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Russia, the Soviet Union, and Eastern Europe

Eastern Europe: U.S. government records

Confidential U.S. State Department central files. Poland, 1945-1949 [microform]: internal affairs, decimal number 860C and foreign affairs, decimal numbers 760C and 711.60C
Microfilm 10578
29 reels
Printed guide: Firestone Microforms DK4429 .C663
Originals held by National Archives as part of Record Group 59, General Records of the Dept. of State. See http://www.archives.gov/research/guide-fed-records/groups/059.html

Confidential U.S. State Department central files. Poland, 1950-1954 [microform]: internal affairs, decimal numbers 748, 848, and 948 and foreign affairs, decimal numbers 648 and 611.48 /
Microfilm 10577
17 reels
Printed guide: Firestone Microforms DK4429 .C664
Originals held by National Archives as part of Record Group 59, General Records of the Dept. of State. See http://www.archives.gov/research/guide-fed-records/groups/059.html

Records of the Department of State relating to internal affairs of ...
Available through interlibrary loan from the Center for Research Libraries.

  • Records of the Department of State relating to internal affairs of Austria-Hungary and Austria, 1910-1954
  • Records of the U.S. Department of State relating to the internal affairs of Bulgaria, 1910-1954
  • Records of the U.S. Department of State relating to the internal affairs of Czechoslovakia, 1910-1954
  • Records of the U.S. Department of State relating to the internal affairs of Greece, 1910-1954
  • Records of the U.S. Department of State relating to the internal affairs of Hungary, 1930-1959
  • Records of the Department of State relating to internal affairs of Latvia, 1910-1944
  • Records of the Department of State relating to internal affairs of Lithuania, 1910-1944
  • Records of the Department of State relating to internal affairs of Poland, 1916-1944
  • Records of the Department of State relating to internal affairs of Romania, 1910-1954
  • Records of the Department of State relating to internal affairs of Russia and the Soviet Union, 1910-44
  • Confidential U.S. State Department central files. The Soviet Union, internal affairs, 1945-1954
  • Records of the Department of State relating to internal affairs of Serbia and to political relations between the United States and Serbia, 1910-1929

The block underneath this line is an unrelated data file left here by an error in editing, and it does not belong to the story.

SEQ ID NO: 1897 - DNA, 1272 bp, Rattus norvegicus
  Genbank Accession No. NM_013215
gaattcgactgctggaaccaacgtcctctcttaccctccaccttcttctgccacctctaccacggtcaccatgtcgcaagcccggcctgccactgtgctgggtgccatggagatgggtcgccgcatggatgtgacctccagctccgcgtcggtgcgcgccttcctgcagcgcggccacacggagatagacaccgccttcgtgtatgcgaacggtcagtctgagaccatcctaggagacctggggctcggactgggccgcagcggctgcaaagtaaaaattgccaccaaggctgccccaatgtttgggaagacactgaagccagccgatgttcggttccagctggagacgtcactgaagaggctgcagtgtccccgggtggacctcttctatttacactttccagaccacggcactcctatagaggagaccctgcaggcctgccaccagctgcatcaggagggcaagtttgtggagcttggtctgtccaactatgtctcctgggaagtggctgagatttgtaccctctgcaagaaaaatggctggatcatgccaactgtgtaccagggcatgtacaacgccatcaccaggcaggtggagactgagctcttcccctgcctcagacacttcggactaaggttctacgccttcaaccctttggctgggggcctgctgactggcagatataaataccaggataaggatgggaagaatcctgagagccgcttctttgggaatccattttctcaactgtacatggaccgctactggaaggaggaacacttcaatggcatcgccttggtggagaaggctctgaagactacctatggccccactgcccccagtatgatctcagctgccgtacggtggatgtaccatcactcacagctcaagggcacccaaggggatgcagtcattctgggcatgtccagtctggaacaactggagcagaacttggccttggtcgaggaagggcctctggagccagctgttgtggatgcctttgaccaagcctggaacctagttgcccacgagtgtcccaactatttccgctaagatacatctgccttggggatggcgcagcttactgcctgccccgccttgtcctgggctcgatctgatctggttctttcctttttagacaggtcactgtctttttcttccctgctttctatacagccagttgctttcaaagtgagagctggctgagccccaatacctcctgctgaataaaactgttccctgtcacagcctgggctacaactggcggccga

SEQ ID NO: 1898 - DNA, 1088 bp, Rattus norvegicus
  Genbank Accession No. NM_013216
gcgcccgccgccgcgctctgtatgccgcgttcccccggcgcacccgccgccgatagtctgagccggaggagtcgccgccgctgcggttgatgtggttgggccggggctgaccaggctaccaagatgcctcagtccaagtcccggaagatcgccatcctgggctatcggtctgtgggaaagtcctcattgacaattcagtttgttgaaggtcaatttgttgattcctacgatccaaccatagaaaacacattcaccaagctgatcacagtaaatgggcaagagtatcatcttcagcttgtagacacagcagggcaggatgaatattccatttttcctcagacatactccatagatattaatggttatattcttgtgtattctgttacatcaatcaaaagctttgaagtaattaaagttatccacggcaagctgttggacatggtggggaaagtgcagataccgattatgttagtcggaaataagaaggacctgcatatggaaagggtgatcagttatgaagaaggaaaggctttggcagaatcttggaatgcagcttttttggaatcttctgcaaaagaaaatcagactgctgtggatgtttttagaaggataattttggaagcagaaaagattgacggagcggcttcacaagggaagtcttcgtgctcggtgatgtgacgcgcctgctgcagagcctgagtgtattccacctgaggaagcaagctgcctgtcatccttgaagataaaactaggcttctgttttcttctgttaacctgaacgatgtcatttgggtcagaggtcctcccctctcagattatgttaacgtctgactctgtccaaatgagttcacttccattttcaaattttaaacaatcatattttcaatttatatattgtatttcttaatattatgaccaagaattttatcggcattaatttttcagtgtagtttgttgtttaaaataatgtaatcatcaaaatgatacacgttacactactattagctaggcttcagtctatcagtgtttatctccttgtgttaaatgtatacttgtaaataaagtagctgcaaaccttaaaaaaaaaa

• Records of the Department of State relating to political relations of Turkey, Greece and the Balkan states, 1930-1939
  • Records of the Department of State relating to the internal affairs of the Ukraine, 1918-1949
  • Records of the Department of State relating to internal affairs of Yugoslavia, 1910-1954

Czechoslovakia from Liberation to Communist State, 1945-63: Records of the U.S. State Department Classified Files Archives Unbound
"This collection documents the creation of the Third Republic, which was established after World War II, and differed markedly from the First Republic of 1918. The Third Republic was created as a result of a compromise between pre-war Czechoslovak Republic leaders and the Czech Communist Party (KSC). The Republic’s hopes were subverted by the KSC, which at the time had considerable popular support and the backing of the Soviet Union."

Socialism and National Unity in Yugoslavia, 1945-63: Records of the U.S. State Department Classified Files Archives Unbound "During World War II, Yugoslavia was divided between the Axis powers and their allies. Royal army soldiers, calling themselves Cetnici (Chetniks), formed a Serbian resistance movement, but a more determined communist resistance under the Partisans, with Soviet and Anglo-American help, liberated all of Yugoslavia by 1944. In an effort to avoid Serbian domination during the post-war years, Bosnia and Herzegovina, Macedonia, and Montenegro were given separate and equal republican status within the new socialist federation of Yugoslavia; Kosovo and Vojvodina were made autonomous provinces within Yugoslavia. Despite the attempts at a federal system of government for Yugoslavia, Serbia played the leading role in Yugoslavia’s political life for the next 4 decades. Yugoslavia remained independent of the U.S.S.R., as Tito broke with Stalin and asserted Yugoslav independence. Tito went on to control Yugoslavia for 35 years. Under communist rule, Yugoslavia was transformed from an agrarian to an industrial society.  Source Note: RG 59, Records of the Department of State, Central Classified Files, Decimal Files (1945-1949)760H and 860H; (1950-1959)768, 868, 968; (1960-1963)768, 868, 968."

Periodicals & pamphlets

Yugoslavia [microform]: peoples, states and society: socio-political and historical pamphlets of the 19th & 20th centuries from the collection of the UCLA Library
Microfilm 10596
109 reels
Printed guide: Firestone Microforms Z2956 .C65 1996
A collection of pamphlets and short monographs, mostly printed in the 20th century. In Serbocroation and other languages. The guide includes author, title and subject indexes.